Why "plug in numbers" when solving inequality?

Let me use this example,

Solve $x^3-4x>0$

After factorization, we have $$(x+2)x(x-2)>0$$, in order to have product of several numbers positive, even(0,2,4,...) of them have to be negative numbers. In this case, none of them is negative or two of them are negative, we can conclude $\displaystyle x\in(-2,0)\cup (2,\infty)$.

However I don't find the above approach too popular, more often than not, the following approach is what I see people doing,

Start by solving equality, $x^3-4x=0$, same factorization gives us $x=-2,0,2$, therefore we make partition $\mathbb{R} \backslash \{-2,0,2\}=(-\infty,-2)\cup(-2,0)\cup (0,2)\cup (2,\infty)$. In order to see whether $f(x)=x^3-4x$ is positive or negative on each interval, plug in a number in each interval. For example $f(-10)=-960<0$ so $f$ is negative on $(-\infty,-2)$, $f(-1)=3>0$ so $f$ is positive on $(-2,0)$,etc. In the end you get the same conclusion $\displaystyle x\in(-2,0)\cup (2,\infty)$.

Although perfectly valid, there are two main reasons I don't like the second approach,

1. In order to solve equality, we still need to factorize the left hand side. Once we have the factorization, it's much easier to check positive/negative than to compute values of function.

2. In order to conclude $f(x)>0,\forall x\in I$(where $f(x)\neq 0$ on interval $I$) from $\exists c\in I, f(c)>0$, $f$ needs to satisfy intermediate value property(all continuous functions have it by IVT). I don't see why we need any result from calculus to solve any precalculus problem.

Therefore my question is, despite the reasons I list, why is the second approach more popular, not only among students but also instructors and TAs (of calculus/precalculus class)? There should be some advantages of this method that I don't know about. Any insight is welcome.

• I really don't expect it to be for any reason other than the IVT. May 26 '16 at 10:50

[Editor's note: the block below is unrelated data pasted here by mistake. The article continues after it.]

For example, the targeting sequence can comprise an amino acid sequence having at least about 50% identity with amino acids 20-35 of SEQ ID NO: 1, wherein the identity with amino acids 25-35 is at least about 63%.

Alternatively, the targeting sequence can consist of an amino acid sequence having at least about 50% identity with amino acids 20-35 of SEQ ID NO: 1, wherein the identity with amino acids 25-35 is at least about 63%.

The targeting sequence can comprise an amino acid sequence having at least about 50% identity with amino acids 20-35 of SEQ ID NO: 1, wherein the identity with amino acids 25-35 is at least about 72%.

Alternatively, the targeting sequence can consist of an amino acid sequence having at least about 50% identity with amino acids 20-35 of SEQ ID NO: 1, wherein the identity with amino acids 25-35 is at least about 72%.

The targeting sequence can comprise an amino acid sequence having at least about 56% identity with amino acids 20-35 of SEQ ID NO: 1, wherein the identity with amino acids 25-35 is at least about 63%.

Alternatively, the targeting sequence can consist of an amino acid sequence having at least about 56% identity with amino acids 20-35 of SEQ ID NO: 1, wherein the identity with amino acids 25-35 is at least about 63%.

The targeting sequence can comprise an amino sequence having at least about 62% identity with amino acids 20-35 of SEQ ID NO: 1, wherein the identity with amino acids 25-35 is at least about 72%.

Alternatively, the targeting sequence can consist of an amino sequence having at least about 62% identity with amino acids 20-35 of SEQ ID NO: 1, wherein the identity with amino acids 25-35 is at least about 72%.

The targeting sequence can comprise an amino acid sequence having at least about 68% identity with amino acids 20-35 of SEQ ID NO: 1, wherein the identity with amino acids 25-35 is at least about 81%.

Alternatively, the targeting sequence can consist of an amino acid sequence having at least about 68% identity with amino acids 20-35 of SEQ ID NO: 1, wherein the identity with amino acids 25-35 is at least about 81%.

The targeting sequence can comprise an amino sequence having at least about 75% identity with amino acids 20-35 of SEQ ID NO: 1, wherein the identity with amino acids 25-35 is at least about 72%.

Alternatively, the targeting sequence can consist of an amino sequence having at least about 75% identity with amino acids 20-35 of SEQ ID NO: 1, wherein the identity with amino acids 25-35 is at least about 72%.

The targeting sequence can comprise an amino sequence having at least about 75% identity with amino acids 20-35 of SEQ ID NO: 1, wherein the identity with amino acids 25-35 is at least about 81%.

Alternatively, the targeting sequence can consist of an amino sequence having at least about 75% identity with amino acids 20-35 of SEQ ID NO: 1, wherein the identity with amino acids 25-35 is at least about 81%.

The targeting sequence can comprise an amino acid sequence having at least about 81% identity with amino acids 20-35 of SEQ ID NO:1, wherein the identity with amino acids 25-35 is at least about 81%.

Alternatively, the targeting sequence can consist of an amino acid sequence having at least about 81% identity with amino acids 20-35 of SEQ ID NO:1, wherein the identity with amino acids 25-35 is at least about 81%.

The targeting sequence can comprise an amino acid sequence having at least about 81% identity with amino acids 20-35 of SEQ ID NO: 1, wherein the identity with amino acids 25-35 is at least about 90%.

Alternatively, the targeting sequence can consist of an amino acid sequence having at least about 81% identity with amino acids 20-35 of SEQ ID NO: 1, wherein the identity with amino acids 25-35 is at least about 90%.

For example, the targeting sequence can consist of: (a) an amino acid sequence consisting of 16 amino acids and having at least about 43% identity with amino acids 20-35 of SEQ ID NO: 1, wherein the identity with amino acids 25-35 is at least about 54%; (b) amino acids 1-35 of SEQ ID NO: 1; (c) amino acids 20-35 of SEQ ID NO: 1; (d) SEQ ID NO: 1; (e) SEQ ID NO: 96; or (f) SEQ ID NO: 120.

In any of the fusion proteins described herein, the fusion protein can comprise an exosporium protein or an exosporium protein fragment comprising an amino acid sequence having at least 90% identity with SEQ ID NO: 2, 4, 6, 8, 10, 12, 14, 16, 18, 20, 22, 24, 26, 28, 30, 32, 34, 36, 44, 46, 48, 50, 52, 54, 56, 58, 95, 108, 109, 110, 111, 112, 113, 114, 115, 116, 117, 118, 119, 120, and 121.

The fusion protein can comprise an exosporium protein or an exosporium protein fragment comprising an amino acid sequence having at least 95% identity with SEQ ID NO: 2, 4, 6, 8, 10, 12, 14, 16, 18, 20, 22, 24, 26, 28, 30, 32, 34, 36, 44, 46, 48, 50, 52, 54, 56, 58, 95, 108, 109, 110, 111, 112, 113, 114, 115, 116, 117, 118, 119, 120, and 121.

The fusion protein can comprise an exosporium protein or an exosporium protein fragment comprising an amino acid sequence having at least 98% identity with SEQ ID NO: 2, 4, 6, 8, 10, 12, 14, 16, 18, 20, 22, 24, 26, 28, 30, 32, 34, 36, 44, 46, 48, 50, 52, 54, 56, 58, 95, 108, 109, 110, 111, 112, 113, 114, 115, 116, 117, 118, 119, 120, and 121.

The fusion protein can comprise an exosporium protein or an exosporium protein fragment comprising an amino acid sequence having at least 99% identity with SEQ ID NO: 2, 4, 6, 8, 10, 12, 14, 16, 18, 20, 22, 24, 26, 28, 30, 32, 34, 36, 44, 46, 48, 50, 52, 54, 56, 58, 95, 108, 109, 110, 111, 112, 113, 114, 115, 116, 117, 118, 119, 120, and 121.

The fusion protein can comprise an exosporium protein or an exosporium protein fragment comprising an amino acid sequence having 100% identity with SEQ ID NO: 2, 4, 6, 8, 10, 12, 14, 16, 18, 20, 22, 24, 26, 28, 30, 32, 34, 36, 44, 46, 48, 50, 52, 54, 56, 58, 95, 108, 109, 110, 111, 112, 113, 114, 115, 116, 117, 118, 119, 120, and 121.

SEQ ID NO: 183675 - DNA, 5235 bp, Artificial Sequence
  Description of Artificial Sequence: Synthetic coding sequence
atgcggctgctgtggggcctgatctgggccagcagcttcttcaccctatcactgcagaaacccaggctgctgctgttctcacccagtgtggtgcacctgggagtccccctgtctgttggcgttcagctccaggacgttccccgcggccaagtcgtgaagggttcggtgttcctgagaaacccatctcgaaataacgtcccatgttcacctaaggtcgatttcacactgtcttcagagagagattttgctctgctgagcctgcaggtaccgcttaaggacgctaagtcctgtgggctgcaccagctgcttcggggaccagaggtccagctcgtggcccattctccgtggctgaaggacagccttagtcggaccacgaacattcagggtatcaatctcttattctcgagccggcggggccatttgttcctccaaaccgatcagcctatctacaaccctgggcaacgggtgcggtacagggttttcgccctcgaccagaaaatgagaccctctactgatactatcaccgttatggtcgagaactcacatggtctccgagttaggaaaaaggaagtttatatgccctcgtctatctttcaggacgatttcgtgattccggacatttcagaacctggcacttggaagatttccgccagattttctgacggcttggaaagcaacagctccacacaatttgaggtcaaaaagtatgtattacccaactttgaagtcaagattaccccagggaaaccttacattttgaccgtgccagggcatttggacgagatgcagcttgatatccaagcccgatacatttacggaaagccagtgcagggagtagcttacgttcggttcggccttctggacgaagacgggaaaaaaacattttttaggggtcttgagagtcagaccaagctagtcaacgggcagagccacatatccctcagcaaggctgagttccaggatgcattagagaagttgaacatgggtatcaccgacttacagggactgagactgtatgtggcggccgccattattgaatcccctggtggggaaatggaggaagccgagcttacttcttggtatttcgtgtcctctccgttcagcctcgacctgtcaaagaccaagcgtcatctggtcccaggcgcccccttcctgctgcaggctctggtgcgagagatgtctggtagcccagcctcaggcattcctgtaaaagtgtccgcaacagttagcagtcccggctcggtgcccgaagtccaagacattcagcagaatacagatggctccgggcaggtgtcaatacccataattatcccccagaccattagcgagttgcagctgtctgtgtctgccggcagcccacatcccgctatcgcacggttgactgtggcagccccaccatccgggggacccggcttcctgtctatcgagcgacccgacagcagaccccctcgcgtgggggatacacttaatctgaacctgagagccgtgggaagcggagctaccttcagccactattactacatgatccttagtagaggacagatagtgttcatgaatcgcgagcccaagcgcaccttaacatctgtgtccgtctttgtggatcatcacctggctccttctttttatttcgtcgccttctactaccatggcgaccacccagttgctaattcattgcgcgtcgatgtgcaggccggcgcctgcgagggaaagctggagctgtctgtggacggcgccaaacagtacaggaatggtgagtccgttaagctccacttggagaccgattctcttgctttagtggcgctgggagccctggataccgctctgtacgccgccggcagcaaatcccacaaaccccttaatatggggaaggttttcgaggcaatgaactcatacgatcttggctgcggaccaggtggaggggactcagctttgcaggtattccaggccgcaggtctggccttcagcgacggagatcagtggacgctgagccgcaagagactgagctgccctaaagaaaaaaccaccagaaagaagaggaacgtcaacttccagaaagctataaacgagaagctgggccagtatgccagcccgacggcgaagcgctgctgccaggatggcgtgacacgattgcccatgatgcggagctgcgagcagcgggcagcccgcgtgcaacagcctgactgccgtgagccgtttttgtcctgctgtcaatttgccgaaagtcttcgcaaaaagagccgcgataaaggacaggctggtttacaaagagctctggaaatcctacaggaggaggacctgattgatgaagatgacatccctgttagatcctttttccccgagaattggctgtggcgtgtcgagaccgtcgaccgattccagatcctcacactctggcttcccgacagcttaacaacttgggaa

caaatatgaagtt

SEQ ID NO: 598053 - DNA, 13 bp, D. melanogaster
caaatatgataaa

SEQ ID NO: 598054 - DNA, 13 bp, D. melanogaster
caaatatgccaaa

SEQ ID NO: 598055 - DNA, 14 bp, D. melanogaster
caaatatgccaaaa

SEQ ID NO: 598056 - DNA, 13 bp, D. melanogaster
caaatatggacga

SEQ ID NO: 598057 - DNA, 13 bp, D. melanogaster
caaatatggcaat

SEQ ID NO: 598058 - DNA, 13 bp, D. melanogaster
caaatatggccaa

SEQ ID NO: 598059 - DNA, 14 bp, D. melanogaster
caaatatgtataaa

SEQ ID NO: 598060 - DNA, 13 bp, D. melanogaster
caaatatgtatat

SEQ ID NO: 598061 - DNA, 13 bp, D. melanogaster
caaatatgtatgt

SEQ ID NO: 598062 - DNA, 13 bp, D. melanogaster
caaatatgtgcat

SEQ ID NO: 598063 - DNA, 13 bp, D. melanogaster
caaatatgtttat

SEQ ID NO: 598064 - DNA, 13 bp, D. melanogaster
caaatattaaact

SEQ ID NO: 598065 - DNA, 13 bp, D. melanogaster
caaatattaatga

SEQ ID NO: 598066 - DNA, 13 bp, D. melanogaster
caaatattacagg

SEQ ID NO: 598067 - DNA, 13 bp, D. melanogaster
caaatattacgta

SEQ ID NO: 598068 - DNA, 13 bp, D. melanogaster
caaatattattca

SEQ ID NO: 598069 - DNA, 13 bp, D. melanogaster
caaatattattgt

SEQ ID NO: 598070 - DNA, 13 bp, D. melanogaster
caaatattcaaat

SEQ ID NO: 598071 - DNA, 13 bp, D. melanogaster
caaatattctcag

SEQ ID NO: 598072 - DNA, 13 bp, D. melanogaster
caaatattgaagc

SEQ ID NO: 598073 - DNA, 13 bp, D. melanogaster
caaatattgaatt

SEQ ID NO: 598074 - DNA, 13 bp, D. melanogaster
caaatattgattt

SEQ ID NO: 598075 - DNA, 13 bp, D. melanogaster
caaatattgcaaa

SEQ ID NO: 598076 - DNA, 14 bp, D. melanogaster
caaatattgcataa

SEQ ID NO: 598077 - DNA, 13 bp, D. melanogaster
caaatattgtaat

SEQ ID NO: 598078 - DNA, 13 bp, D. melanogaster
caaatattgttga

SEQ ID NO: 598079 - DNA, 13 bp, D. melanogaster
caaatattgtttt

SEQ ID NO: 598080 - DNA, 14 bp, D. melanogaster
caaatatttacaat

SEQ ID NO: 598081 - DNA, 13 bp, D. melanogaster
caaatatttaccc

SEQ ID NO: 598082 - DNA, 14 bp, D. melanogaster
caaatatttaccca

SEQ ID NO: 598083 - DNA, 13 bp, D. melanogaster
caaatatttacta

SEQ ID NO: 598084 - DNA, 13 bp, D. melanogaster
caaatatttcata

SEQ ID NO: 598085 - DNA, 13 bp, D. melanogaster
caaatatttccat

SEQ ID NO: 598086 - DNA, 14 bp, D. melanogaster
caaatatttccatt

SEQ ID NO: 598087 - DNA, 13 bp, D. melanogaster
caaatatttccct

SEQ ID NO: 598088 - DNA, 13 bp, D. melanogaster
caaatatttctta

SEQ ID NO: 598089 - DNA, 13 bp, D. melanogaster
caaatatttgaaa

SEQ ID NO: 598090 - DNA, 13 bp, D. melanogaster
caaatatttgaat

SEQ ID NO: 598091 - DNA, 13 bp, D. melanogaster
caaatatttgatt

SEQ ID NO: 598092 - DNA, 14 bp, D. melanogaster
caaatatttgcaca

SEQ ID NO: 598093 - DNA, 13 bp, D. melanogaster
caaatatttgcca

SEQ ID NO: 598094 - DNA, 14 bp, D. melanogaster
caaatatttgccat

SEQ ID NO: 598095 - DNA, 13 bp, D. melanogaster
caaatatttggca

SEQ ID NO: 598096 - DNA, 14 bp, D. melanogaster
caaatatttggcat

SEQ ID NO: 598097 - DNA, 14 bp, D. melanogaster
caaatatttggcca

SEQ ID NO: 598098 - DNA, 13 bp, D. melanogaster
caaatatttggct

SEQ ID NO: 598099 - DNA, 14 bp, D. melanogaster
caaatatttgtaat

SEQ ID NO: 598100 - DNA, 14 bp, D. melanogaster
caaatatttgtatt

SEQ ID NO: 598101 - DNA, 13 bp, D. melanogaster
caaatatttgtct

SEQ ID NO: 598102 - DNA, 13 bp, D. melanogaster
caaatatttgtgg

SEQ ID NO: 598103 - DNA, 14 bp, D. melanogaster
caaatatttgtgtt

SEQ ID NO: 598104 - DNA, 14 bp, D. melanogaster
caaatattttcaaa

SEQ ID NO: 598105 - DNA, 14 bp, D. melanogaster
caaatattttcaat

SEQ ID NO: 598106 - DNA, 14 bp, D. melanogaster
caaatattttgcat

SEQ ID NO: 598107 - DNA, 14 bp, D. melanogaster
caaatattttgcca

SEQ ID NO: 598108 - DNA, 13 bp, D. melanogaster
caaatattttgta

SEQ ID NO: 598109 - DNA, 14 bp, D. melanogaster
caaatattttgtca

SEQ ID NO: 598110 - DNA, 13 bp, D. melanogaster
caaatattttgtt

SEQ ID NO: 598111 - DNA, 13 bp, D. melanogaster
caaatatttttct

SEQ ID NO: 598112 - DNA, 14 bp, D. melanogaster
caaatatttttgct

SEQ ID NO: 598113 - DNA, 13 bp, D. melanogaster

• It would seem that this is an extension of how linear inequalities are taught in high school. Students prefer to continue a method that they know rather than learn a new method. May 26 '16 at 13:04
• Students are often poor at reasoning. Plugging in a value may feel easier to them than analyzing how many factors are negative. May 26 '16 at 13:47
• FYI, in high school we used your first method, and I believe this method was the only one described in our textbook -- Dolciani's Modern Algebra and Trigonometry. I don't know where I learned about the other method, but it was after high school, and when I learned the other method we didn't plug numbers into the intervals but rather determined the sign by algebraic considerations (e.g. factor(s) corresponding to the interval) or by graphical considerations (e.g. $(e^x - 2)\ln x$ is negative just to the right of $0$ and positive for large $x).$ May 27 '16 at 14:49
• Also, an obvious drawback to the first method is that the possibilities needed to examine grow at an exponential rate as a function of the number $n$ of factors. For example, with $6$ factors there are $2^6 = 64$ sign permutations, $32$ of which lead to a positive product and $32$ of which lead to a negative product. For the second method, the number of possibilities needed to examine only grows linearly (in fact, not something like $200n$ or $37n,$ but just $n).$ May 27 '16 at 14:53